Law is a system of rules that are created and enforced through social or governmental institutions to regulate behavior. Law is a system that regulates and ensures that individuals or a community adhere to the will of the state. State-enforced laws can be made by a collective legislature or by a single legislator, resulting in statutes, by the executive through decrees and regulations, or established by judges through precedent, normally in common law jurisdictions. Private individuals can create legally binding contracts, including arbitration agreements that may elect to accept alternative arbitration to the normal court process. The formation of laws themselves may be influenced by a constitution, written or tacit, and the rights encoded therein. The law shapes politics, economics, history and society in various ways and serves as a mediator of relations between people.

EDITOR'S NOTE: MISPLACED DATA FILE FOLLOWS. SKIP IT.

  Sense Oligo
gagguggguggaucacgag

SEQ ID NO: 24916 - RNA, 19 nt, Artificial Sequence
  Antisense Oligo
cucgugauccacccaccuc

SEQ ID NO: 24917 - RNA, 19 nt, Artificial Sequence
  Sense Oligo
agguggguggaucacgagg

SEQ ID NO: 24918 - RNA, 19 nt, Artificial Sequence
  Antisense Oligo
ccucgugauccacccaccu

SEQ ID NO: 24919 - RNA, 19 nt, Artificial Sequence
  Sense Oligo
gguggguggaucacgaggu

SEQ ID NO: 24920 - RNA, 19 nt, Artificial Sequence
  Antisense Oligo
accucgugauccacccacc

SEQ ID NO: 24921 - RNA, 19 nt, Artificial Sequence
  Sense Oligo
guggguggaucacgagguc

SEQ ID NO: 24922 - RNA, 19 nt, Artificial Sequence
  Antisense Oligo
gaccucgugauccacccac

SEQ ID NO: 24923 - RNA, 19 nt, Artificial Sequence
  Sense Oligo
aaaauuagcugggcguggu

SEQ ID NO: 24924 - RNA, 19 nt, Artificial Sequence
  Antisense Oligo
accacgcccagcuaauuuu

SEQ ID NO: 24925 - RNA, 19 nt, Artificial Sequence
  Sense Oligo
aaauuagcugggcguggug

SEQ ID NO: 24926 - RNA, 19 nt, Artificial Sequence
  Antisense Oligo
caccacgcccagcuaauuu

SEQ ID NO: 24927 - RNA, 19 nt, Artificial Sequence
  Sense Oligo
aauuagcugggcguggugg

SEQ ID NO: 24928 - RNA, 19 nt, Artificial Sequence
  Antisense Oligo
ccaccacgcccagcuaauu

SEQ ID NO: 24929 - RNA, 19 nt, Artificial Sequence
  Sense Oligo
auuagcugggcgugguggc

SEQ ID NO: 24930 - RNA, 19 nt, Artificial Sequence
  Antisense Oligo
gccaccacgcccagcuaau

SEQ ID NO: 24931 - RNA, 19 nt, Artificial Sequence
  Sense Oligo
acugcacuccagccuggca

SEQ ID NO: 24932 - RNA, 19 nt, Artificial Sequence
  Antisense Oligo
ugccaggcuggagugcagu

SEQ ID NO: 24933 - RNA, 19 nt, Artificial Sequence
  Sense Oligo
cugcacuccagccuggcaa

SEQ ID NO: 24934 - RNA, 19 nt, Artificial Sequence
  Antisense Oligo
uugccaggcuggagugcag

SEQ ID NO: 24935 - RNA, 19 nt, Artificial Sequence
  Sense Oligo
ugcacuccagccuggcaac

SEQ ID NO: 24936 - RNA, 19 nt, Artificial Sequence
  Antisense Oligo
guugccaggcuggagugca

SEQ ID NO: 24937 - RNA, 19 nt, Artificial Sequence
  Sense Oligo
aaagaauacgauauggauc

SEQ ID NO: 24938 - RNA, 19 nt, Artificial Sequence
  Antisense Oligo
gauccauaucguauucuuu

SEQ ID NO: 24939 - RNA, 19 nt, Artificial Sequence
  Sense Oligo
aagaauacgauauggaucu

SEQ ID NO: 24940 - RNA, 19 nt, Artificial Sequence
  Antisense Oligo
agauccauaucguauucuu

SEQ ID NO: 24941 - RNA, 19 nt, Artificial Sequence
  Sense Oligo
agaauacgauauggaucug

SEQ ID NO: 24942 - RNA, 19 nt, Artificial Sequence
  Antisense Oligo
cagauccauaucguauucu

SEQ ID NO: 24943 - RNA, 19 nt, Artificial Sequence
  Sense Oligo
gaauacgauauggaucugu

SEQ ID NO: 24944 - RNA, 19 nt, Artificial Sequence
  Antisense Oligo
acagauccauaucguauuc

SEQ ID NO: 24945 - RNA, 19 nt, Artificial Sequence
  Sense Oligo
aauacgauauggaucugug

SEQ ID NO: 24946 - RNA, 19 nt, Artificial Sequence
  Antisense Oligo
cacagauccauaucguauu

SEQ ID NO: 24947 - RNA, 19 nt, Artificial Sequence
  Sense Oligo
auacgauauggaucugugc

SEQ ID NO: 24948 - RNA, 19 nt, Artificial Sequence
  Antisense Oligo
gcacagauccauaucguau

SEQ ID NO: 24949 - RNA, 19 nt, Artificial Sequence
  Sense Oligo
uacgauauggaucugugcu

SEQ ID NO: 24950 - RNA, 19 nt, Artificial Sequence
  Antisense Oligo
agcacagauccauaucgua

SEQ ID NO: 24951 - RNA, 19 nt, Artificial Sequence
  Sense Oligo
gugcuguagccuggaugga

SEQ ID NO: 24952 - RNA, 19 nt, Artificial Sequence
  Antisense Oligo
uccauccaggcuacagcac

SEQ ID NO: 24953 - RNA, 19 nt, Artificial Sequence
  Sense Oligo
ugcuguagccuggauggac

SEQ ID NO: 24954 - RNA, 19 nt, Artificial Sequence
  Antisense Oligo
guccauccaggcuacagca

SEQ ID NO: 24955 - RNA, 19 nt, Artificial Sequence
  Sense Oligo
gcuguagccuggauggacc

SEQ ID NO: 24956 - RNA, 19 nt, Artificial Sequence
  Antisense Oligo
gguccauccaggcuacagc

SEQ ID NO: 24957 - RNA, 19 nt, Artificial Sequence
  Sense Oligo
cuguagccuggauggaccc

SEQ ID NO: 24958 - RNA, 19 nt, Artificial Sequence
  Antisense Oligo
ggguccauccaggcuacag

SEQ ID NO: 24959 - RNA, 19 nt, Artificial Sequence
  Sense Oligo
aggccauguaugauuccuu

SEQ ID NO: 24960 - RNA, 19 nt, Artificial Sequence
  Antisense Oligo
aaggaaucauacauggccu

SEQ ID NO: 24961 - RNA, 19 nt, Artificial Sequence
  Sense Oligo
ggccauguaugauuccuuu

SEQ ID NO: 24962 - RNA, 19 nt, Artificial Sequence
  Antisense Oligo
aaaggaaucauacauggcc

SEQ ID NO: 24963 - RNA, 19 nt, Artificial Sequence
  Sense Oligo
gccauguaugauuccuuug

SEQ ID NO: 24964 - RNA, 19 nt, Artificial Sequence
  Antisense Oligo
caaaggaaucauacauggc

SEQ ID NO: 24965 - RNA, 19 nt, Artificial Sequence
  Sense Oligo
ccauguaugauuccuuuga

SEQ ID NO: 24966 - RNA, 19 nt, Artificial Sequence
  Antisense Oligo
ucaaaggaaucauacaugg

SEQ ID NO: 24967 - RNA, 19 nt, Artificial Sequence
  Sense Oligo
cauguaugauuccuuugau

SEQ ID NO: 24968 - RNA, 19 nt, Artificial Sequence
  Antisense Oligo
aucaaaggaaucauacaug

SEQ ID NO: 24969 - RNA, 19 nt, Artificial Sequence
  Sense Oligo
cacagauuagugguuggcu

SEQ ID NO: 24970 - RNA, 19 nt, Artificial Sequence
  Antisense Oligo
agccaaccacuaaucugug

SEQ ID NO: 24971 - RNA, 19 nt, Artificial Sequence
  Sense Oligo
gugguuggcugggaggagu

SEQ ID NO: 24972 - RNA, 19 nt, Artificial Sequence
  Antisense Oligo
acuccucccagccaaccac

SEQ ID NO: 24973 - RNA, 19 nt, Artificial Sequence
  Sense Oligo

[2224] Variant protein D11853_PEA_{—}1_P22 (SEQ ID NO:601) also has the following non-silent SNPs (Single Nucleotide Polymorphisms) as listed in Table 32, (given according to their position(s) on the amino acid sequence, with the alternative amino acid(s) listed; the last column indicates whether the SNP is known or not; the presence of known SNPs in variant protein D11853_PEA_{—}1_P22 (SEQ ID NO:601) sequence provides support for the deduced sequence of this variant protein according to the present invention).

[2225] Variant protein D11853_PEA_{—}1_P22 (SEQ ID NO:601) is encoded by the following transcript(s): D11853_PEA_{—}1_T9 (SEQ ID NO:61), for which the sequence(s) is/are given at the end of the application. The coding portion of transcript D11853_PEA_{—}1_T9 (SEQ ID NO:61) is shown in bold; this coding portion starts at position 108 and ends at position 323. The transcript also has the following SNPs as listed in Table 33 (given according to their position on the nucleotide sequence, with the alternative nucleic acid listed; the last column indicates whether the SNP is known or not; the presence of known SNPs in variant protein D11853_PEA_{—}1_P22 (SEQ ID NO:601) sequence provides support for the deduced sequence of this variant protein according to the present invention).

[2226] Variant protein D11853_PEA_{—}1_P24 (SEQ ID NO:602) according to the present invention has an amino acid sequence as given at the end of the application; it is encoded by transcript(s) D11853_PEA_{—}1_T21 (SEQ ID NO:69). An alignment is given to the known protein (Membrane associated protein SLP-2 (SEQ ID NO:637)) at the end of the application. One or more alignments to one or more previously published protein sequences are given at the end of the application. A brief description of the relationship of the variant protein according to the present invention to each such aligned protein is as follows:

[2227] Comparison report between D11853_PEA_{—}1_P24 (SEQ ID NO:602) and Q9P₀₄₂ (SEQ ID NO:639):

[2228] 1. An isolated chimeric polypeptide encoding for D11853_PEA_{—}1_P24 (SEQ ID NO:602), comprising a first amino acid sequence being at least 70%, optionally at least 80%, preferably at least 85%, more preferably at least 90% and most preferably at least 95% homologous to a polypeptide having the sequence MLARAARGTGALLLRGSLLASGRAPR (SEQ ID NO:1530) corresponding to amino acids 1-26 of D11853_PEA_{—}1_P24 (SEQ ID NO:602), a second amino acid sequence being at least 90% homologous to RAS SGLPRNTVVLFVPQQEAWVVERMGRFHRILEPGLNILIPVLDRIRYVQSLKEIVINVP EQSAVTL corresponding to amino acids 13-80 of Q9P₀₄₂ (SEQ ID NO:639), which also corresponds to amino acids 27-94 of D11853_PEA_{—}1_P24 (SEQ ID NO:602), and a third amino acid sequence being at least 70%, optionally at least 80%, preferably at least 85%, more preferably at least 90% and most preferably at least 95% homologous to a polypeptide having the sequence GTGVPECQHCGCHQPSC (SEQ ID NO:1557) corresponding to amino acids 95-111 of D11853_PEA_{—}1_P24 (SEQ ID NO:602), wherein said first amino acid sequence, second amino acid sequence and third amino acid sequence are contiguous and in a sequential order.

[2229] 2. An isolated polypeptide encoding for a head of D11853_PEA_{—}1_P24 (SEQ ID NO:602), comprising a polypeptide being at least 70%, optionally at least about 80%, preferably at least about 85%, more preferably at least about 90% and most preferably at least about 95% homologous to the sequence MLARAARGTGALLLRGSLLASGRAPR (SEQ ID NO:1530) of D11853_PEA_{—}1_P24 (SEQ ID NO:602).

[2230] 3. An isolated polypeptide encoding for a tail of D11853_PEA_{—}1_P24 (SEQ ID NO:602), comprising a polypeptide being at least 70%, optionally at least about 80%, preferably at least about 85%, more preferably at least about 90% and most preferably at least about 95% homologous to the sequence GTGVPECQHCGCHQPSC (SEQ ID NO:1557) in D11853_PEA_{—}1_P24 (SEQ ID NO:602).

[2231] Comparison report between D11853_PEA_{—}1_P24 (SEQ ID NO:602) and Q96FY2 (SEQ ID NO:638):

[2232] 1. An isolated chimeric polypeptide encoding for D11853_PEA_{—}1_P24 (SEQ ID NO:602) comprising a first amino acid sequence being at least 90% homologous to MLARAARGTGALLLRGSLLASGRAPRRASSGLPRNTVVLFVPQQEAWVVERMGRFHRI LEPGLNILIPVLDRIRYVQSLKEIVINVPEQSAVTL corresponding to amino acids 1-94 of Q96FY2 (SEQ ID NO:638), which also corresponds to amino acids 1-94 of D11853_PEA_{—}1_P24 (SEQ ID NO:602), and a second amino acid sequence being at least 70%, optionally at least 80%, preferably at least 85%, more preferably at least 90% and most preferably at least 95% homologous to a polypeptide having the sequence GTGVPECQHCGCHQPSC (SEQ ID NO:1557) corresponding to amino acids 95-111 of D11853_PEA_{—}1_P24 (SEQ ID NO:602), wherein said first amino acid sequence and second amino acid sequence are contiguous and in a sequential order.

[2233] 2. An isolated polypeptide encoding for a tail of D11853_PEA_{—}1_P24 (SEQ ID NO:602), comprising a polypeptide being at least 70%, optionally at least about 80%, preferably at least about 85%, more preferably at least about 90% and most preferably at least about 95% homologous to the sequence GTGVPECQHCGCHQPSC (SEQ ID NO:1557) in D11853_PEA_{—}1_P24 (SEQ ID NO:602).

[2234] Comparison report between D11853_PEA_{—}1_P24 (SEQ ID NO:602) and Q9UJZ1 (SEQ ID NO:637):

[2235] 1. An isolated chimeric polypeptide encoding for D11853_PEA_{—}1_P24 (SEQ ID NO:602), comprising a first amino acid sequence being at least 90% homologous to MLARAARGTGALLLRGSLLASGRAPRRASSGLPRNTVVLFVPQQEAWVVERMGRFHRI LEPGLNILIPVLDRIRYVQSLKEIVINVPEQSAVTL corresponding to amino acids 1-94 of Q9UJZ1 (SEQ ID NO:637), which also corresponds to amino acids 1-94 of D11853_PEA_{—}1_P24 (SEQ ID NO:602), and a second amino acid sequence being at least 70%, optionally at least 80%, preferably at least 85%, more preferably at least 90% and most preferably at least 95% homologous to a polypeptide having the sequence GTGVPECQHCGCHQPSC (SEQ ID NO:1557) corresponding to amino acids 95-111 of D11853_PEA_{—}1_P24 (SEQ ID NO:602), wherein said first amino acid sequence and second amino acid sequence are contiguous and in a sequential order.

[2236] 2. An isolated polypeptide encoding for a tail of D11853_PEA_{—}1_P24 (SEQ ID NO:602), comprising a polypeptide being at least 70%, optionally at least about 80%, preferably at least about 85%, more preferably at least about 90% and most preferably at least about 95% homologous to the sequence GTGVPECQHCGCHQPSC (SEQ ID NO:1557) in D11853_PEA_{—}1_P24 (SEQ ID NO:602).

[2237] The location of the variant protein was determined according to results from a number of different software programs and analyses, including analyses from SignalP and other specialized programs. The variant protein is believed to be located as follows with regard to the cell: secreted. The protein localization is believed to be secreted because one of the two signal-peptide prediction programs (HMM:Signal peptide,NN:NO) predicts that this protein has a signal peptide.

Who will burden himself with your liturgical parterre when the burning questions [brennende Fragen] of the day invite to very different toils?
Karl Rudolf Hagenbach, Grundlinien der Liturgik und Homiletik (1803). "Burning question" used by Edward Miall, M.P., also by Disraeli in the House of Commons (March, 1873).